Table 3: Mean Percentage score according to gender.

Gender

Mean percentage

Male

54.44

Female

45.56

 

4.      What disparity exists in Art academic achievement between males and females?

Table 4: Mean Percentage score according to gender 2

Gender

Mean percentage

Male

51.36

Female

49.64

 

Result of the hypotheses tested

Ho1: There is no significant difference between man and female self-concept

Table 5

Gender

N

       X

SD

DF

t-cal

Crit-t

Male

 

Female

200

 

200

50.37

 

49.63

12.026

 

11.153

 

 

398

 

 

0.4973

 

 

1.86

 Ho2  There is no significant difference between self-concept and academic achievement.

Table 6

Gender

N

       X

SD

DF

t-cal

Crit-t

Male

Female

200

200

51.38

48.62

11.34

10.59

 

398

 

0.94

 

1.84

Ho3 There is no significant different between male and female students in Arts academic achievement

Table 7

 

Gender

 

N

 

     

X

 

SD

 

DF

 

t-cal

 

Crit-t

Male

Female

200

200

54.44

45.56

9.314

8.783

 

398

 

0.95

 

1.86

 

Ho4 There is no significant difference between male and female in Science academic achievement.

 

Table 8

Gender

N

 

       X

SD

DF

t-cal

Crit

Male

Female

200

200

51.36

49.64

10.15

9.45

 

398

 

0.497

 

0.621

 


Discussions

The results from research question are as follows.

The research question one; The identifiable level of self-concept of male and female, secondary school students in table 1 is 50.37% for male, while the female has 49.63%. The difference is not large enough, however, the students have grouped themselves in gender with male have higher self-concept than the female.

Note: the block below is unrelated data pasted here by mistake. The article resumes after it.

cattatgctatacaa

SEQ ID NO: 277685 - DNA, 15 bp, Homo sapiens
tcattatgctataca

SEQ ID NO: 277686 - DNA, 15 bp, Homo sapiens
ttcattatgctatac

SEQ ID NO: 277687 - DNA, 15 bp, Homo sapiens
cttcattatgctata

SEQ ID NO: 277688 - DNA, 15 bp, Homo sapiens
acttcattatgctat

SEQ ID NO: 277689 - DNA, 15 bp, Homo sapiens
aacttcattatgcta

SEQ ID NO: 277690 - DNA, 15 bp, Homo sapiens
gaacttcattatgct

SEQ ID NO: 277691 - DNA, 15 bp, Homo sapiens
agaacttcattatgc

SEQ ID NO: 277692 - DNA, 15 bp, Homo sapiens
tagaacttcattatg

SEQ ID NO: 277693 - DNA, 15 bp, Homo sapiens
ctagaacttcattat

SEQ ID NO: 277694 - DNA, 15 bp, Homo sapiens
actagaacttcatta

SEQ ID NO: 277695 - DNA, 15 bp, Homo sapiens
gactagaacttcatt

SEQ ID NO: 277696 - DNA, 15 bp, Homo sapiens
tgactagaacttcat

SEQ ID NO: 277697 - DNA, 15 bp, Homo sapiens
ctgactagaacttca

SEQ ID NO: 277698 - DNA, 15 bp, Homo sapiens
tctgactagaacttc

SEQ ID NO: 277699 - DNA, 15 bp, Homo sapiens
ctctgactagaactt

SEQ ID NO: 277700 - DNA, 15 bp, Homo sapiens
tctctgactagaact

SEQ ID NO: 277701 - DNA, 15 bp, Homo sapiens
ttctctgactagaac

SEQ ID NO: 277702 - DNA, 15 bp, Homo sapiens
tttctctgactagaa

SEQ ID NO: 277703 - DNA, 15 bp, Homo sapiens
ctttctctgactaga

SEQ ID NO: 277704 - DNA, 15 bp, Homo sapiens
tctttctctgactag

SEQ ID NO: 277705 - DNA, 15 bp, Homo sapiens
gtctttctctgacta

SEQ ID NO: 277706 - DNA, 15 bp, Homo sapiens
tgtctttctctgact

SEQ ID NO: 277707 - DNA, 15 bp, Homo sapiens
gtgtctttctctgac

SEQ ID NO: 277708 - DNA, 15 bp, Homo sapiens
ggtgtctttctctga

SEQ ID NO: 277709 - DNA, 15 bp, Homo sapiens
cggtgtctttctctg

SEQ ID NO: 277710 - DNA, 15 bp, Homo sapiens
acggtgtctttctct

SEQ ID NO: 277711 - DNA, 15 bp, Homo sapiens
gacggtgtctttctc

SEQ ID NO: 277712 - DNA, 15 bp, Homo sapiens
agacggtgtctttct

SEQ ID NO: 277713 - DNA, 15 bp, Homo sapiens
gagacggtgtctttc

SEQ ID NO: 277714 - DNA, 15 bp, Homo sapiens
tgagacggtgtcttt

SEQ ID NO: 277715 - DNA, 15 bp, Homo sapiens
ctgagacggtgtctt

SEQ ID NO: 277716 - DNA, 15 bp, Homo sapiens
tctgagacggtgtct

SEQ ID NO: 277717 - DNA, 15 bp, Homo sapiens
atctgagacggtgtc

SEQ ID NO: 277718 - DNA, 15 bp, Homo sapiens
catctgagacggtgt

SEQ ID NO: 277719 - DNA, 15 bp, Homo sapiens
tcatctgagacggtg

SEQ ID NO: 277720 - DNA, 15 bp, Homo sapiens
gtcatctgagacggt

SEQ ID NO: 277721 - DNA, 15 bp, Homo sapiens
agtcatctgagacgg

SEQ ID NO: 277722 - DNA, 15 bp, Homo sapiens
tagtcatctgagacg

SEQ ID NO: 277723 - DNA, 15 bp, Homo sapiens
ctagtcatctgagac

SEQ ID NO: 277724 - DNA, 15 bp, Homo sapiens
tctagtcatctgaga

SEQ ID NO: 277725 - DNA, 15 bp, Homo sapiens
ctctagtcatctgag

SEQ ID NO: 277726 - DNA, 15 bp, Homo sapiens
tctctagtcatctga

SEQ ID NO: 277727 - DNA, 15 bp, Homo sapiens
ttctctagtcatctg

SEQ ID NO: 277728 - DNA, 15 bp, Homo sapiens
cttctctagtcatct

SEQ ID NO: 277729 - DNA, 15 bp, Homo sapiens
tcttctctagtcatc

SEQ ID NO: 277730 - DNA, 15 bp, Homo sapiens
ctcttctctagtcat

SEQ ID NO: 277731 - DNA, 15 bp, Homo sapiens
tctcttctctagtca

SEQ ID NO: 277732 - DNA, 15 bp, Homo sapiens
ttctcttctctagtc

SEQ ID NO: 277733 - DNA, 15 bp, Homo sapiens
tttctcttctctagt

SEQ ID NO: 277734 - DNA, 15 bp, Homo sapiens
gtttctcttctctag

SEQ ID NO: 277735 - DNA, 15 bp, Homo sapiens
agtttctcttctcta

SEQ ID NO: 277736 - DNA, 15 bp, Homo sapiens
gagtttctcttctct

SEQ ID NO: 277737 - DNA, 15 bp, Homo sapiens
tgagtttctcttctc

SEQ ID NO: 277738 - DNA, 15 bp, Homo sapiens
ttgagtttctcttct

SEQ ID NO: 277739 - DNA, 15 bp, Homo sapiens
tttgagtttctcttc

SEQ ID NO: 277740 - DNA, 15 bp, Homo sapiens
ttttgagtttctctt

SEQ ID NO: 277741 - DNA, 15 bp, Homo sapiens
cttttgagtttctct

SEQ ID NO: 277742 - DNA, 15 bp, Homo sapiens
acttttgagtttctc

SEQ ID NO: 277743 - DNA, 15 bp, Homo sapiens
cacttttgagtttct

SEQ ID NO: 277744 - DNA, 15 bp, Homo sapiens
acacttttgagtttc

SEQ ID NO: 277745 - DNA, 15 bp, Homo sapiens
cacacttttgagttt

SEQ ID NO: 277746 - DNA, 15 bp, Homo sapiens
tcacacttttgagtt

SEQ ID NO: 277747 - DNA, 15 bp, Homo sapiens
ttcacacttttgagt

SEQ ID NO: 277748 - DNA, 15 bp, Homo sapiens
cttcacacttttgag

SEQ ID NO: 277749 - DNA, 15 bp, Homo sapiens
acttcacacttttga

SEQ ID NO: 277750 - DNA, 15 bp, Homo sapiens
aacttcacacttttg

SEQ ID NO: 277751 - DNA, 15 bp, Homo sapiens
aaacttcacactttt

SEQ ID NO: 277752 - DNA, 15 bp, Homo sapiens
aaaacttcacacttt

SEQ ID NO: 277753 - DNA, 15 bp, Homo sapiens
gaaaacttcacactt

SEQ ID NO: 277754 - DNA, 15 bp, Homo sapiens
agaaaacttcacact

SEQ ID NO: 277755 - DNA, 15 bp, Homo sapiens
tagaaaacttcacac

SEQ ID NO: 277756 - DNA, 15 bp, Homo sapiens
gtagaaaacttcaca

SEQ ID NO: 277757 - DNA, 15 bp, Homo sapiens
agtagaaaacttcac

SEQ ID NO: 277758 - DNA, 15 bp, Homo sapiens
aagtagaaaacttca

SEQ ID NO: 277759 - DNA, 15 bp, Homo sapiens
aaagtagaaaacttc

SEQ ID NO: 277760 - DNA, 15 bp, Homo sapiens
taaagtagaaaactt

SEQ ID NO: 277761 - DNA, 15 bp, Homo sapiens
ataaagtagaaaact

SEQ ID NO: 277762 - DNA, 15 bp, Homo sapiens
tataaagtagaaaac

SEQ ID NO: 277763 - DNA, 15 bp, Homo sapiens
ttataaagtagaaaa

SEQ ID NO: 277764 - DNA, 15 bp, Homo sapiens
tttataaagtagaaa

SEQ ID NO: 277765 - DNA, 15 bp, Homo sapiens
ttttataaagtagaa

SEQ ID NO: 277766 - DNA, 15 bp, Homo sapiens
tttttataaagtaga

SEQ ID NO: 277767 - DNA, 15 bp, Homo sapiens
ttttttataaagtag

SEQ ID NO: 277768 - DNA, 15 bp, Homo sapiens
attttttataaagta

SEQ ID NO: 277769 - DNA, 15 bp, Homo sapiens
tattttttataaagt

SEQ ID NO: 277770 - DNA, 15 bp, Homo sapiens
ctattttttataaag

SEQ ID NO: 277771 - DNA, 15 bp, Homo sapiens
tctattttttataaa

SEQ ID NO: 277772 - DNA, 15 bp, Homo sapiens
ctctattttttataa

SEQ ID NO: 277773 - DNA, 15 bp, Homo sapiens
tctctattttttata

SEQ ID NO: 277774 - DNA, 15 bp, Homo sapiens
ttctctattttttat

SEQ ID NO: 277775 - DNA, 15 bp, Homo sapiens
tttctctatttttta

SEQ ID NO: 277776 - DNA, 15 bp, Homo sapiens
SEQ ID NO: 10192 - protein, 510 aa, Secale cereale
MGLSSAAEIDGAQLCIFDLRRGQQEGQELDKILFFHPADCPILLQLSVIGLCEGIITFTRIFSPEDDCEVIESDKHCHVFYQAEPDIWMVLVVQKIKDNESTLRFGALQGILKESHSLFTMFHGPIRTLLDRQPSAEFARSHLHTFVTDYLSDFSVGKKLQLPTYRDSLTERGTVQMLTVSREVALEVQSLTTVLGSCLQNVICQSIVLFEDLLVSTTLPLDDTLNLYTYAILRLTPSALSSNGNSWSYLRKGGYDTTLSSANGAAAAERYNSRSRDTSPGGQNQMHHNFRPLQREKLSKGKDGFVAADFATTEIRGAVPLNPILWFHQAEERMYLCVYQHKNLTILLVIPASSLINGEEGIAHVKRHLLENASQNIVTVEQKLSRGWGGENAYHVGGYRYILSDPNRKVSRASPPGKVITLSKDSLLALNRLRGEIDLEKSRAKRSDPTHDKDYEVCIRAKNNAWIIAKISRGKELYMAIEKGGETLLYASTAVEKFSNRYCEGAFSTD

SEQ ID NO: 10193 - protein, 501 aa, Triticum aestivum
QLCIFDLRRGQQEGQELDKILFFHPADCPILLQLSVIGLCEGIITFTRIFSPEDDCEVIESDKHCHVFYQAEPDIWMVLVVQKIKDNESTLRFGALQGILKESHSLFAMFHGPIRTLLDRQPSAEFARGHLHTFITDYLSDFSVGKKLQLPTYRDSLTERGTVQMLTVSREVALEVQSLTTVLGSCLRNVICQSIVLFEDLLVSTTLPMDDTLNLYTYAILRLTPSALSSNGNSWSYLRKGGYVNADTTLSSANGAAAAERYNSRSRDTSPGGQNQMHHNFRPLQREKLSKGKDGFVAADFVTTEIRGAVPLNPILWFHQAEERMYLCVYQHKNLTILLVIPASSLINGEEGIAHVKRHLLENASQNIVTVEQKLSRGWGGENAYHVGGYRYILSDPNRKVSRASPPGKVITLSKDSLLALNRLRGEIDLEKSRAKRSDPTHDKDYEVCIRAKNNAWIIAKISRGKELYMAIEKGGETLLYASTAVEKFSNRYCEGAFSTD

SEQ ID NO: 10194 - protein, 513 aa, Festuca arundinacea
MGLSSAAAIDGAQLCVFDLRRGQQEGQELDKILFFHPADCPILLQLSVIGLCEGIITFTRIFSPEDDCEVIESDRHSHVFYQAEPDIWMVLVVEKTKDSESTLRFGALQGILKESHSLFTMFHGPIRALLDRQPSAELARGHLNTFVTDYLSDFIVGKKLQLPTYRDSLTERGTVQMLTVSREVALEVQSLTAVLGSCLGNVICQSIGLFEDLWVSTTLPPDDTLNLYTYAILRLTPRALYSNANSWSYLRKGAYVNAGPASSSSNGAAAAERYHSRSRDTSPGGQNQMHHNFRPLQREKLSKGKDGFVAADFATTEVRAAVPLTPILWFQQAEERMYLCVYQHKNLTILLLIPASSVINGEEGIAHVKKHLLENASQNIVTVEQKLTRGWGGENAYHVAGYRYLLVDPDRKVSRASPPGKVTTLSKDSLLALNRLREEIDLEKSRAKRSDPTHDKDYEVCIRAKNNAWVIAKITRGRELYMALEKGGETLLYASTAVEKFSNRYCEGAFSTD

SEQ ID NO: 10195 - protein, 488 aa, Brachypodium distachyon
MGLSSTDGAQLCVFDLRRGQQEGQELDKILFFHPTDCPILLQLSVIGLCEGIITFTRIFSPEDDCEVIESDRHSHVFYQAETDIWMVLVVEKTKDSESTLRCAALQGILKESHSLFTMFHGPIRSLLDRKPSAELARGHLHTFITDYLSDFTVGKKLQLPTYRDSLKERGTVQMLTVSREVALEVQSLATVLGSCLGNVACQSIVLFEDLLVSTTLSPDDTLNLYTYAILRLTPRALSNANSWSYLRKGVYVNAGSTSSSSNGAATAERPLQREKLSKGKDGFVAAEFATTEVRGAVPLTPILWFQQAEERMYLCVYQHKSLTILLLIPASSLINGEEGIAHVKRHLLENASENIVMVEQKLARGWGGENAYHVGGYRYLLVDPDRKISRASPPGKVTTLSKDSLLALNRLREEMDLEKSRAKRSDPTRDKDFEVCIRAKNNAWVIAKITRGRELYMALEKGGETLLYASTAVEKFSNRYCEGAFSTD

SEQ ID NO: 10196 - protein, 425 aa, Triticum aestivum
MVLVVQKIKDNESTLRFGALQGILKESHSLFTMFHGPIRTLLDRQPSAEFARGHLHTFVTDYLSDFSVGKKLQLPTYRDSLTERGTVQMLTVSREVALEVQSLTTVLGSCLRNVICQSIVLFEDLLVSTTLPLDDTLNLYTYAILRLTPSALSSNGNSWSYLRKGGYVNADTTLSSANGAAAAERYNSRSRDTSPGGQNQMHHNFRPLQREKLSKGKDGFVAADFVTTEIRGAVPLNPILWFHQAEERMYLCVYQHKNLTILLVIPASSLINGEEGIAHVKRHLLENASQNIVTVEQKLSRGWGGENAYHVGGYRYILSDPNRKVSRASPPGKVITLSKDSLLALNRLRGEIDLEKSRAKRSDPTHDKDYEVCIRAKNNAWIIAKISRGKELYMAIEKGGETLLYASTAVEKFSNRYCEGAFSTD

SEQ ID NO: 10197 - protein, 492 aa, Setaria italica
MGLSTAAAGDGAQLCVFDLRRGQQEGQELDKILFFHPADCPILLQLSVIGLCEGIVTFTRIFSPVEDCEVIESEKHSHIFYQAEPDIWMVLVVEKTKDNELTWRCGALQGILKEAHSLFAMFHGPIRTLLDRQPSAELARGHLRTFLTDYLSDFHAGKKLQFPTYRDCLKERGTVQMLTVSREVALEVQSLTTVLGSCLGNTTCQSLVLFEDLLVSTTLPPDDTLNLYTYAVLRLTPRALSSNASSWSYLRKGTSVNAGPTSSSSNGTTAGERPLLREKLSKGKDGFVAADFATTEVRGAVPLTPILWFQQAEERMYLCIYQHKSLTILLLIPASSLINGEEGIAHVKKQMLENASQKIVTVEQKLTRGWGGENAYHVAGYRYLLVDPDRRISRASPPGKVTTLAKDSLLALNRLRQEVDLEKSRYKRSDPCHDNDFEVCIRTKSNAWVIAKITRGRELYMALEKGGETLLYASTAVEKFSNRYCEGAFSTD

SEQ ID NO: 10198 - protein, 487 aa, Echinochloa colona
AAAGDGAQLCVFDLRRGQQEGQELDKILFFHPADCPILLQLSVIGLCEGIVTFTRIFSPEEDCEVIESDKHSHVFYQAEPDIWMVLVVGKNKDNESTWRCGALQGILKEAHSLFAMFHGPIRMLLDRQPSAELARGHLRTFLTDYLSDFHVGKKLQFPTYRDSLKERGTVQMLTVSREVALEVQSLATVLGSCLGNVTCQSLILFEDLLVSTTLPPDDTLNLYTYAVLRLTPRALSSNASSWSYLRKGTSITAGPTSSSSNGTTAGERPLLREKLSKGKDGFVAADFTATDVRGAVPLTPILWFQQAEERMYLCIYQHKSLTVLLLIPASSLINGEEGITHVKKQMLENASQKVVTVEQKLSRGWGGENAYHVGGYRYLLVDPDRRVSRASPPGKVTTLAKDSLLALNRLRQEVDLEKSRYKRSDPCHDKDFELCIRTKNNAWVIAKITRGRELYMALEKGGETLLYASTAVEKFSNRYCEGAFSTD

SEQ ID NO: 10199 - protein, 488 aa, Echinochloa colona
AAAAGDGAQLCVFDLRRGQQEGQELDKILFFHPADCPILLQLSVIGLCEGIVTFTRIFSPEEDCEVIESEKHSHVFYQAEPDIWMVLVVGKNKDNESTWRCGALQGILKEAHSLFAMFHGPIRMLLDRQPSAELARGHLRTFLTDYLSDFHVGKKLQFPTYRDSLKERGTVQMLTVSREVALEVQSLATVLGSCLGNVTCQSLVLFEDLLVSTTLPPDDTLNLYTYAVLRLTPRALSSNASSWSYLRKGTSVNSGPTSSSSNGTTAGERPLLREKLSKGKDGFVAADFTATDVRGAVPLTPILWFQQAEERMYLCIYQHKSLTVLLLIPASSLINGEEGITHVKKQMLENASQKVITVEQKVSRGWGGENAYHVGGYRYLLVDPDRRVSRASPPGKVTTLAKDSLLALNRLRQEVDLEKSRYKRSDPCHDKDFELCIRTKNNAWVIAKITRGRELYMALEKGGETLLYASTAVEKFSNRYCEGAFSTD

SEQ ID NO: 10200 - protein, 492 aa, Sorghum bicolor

Table 2 is the percentages mean score by gender. It is the answer to research question two: The certainty that there is difference between self-concept and academic achievement of male and female students. The female students have 48.62% as mean percentage score, while the males have 51.38%. This implies that males are better in both self-concept and academic achievement than the females.

 

In answer to research question three, table 3 shows mean percentage scores by gender; that is, if disparity exist in science achievement between male and female students. Here, the males have mean percentage score of 54.44%, while the female is closely followed by 45.56%. This percentage score of 46.95% shows that the males are better than females in the science.

 

The fourth research question was found out whether disparity exist in academic achievement in Arts subjects between males and females; Table 4 was the answer to this question. The mean percentage score by gender are 51.36% for males and 49.64% for females. The males are slightly better than females.

 

The hypothesis one in table 5 examined the research hypothesis, which states that, there was no significant difference between self-concept of male and female secondary school students in Gwagwalada Area Council of the Federal Capital Territory (FCT) Abuja. The result revealed that there was no significant difference between the self-concept scores of males and females respondents in the study. This indicates that gender is not a major determinant or factor in the respondents of self-concept. There was, therefore, no significant difference (X= 50.37, SD= 12.026), were slightly more positive in self-concept than the females’ (X= 49.63, SD= 11.153). However the t-calculated was 0.498, which was critical-t of 1.860. The hypothesis one was therefore accepted at 5% significant level. This could be explained that from the response, males were allowed to play games of football and the like, while female were made to sell some items on the streets, or to do some domestic work at home or after school hours. The females were subjected to domestic work.

 

The second hypothesis stated that there was no significant difference between self-concept and academic achievement. Table 6 showed that the means scores standard deviation of 51.38, and 11.34 for males, while the female students have 48.62, and 10.59. The critical –t of 1.84 is greater than calculated –t of 0.94; at 5% significant level. The hypothesis two is accepted. Those with high score in self-concept were not actually the high scores in the academic achievement test.